Not only CAN they, but you can go out and purchase one of the amazing machines that enables your human ear to 'hear' these ray/particles.

It's called a "radio".

=====

Since you're enamored with the arbitrary distinction (which, apparently, you are authorized to enforce -- the very thing that Jarrett previously critiqued you for), maybe you should try to actually define the distinction FIRST, rather than get called for being wrong a half-dozen times, and then rather self-righteously explaining (still badly) to people what it is you "really mean".

PS: Do you think that lots of people are consistently not listening to you? Or do you think it's more likely that you're not very clear about what it is you're trying to say or ask?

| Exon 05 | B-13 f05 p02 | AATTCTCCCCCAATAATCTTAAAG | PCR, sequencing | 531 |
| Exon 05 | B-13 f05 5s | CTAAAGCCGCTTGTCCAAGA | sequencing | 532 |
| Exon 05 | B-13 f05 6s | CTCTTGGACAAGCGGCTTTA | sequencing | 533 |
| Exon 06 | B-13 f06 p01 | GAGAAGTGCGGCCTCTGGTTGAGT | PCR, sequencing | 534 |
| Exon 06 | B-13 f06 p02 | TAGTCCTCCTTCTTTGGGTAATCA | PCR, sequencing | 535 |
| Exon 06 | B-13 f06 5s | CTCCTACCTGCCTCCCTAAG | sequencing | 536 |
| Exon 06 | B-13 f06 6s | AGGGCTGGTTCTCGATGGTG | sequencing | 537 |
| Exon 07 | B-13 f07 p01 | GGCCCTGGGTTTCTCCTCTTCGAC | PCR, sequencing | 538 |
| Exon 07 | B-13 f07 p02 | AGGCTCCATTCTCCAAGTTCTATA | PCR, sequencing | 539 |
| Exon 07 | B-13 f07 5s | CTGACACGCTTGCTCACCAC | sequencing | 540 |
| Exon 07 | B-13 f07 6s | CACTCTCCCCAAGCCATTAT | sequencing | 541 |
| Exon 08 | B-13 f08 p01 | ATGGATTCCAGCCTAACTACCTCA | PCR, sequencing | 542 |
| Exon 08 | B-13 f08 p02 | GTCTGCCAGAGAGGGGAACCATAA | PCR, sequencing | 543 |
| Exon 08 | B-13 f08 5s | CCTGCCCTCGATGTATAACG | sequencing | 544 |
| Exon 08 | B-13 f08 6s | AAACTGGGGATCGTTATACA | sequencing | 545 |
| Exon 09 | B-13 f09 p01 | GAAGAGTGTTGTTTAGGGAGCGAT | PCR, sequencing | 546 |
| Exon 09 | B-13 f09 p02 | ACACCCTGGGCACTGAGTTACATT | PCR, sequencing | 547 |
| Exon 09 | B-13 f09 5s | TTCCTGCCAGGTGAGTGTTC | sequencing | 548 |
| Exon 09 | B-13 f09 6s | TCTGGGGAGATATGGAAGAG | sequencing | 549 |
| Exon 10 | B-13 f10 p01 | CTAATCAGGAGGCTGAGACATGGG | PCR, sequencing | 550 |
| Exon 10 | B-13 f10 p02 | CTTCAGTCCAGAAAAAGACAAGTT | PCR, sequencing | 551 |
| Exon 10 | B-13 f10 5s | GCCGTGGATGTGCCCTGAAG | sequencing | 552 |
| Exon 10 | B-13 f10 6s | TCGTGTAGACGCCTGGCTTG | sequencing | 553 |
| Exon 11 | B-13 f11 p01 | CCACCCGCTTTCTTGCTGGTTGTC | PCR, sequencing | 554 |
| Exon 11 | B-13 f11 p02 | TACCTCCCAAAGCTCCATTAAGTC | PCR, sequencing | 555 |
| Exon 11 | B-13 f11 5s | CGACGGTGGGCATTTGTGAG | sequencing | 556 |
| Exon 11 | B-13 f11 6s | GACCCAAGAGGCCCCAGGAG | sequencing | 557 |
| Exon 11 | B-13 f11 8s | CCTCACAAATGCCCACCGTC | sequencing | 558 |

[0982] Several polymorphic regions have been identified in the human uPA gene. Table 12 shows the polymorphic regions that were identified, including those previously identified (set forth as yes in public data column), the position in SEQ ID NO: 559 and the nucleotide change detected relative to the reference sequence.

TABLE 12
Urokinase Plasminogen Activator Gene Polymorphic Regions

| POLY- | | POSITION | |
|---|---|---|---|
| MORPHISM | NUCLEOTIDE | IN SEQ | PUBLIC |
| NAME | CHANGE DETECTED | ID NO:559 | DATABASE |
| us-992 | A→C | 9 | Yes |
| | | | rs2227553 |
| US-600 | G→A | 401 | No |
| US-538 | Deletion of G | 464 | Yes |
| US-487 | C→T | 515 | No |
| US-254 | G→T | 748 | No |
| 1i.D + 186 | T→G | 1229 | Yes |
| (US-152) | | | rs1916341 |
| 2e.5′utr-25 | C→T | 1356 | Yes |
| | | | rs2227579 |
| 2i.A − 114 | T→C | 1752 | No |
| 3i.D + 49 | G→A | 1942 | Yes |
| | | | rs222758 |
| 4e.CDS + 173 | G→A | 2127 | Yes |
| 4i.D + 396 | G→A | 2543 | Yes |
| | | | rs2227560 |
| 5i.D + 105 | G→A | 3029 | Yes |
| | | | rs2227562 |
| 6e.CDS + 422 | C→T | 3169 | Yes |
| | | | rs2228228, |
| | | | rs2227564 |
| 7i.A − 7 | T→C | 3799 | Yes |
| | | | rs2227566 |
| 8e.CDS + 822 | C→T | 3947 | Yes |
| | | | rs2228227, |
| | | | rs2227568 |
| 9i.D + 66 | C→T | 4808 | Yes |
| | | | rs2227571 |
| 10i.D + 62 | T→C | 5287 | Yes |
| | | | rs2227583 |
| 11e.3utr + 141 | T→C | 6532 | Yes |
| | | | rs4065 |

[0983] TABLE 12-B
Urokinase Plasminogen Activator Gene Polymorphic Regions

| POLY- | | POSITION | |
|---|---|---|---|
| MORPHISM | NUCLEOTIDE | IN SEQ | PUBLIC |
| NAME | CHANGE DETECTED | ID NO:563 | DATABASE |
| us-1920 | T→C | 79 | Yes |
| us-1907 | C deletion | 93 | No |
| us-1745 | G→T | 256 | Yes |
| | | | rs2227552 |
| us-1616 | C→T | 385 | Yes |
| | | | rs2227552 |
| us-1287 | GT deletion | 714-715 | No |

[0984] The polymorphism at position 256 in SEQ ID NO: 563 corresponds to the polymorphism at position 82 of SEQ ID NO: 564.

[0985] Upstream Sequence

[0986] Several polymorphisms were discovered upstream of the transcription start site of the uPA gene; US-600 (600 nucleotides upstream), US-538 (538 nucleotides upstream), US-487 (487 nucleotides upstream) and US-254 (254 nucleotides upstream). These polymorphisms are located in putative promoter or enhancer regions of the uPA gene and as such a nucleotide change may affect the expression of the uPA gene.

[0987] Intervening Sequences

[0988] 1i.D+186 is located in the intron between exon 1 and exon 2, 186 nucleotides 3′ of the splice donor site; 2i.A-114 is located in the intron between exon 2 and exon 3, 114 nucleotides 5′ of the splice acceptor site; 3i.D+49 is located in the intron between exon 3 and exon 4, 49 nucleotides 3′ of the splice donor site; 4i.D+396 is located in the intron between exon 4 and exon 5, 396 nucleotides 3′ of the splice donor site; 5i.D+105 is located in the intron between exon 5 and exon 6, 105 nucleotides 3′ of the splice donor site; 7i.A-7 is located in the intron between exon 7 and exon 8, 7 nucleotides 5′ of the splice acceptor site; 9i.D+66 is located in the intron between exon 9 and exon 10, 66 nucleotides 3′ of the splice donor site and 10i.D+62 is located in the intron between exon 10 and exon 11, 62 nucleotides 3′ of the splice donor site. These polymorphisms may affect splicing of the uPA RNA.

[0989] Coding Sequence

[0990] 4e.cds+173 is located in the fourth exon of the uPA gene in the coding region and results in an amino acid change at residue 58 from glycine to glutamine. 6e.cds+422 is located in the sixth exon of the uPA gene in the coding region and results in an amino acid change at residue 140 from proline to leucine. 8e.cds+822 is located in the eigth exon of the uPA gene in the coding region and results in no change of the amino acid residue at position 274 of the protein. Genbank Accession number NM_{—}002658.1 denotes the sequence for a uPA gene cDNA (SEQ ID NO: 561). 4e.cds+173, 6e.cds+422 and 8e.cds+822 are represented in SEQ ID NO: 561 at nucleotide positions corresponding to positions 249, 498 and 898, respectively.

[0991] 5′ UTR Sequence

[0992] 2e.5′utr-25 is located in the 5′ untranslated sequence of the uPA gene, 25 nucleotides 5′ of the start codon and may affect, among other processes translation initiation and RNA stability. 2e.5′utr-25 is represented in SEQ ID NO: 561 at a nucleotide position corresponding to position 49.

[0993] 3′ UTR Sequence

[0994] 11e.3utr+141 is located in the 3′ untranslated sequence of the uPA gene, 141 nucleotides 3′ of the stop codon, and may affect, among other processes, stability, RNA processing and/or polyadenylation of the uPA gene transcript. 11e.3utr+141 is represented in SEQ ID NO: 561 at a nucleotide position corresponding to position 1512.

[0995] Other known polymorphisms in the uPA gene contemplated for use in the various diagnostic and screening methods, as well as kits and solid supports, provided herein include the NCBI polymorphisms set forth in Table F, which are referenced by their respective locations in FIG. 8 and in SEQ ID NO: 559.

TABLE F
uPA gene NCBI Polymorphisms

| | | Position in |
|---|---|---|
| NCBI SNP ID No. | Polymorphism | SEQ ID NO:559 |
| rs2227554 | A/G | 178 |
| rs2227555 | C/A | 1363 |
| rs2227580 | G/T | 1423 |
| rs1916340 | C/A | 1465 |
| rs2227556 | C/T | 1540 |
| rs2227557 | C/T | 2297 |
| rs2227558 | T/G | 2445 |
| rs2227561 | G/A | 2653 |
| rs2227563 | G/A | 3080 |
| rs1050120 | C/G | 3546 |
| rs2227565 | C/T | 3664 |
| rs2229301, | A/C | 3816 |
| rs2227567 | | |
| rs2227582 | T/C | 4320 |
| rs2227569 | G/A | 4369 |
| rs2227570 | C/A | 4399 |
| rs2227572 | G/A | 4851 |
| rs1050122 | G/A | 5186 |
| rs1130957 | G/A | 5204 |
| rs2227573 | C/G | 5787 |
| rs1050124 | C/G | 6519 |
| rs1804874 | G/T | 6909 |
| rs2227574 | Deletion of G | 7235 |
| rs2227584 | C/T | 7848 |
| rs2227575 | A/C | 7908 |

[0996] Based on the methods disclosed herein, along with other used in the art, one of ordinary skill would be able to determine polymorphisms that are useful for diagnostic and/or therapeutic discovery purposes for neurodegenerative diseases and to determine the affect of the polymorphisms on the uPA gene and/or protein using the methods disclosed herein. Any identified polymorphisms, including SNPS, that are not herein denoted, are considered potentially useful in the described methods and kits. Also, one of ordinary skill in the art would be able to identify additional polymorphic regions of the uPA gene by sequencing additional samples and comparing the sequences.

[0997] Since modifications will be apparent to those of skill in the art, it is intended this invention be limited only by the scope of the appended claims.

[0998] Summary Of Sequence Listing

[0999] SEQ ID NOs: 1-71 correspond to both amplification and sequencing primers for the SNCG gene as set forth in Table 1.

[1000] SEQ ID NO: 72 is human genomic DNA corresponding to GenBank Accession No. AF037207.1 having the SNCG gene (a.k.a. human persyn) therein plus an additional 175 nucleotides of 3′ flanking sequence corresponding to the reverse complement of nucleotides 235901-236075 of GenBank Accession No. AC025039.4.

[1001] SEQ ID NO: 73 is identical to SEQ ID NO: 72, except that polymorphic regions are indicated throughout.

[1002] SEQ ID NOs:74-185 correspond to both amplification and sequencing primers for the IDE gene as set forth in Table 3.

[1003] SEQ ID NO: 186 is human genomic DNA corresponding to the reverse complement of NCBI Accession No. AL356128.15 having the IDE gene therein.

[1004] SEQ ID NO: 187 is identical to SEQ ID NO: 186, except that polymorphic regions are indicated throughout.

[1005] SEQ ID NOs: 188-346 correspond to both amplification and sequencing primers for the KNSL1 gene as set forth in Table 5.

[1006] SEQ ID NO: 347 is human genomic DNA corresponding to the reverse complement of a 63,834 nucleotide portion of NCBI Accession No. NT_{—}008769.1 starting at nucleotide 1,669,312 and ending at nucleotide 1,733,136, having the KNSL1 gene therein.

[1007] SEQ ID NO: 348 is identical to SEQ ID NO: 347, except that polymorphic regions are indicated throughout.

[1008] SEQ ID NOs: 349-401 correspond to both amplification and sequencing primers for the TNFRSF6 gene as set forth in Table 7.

Either way, this 'transfer of information' thing might work better if you didn't have such a giant chip on your shoulder, and a knee-jerk tendency to reject out-of-hand anything said or written by someone you don't like
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Re: The real 1st man in space & 1st to break sound barrier.

Postby The Gunslinger » Fri Nov 10, 2006 5:14 am

Does this help Ken?...
Quote:
So long as ANY particles continue to carry energy, the wave is present.

It's not the number of particles, it's the presence of ENERGY. Particles are just one means through which energy travels.

Soundwaves dissipate, correct? So when does it dissipate? When the last atom stops colliding? Or how does that energy dissipate into heat, as per the websites we referenced? Savaughn mentioned that when the atoms collide, they lose some energy, so it must reach a certain point when it's too weak and dissipates. That's all I'm asking.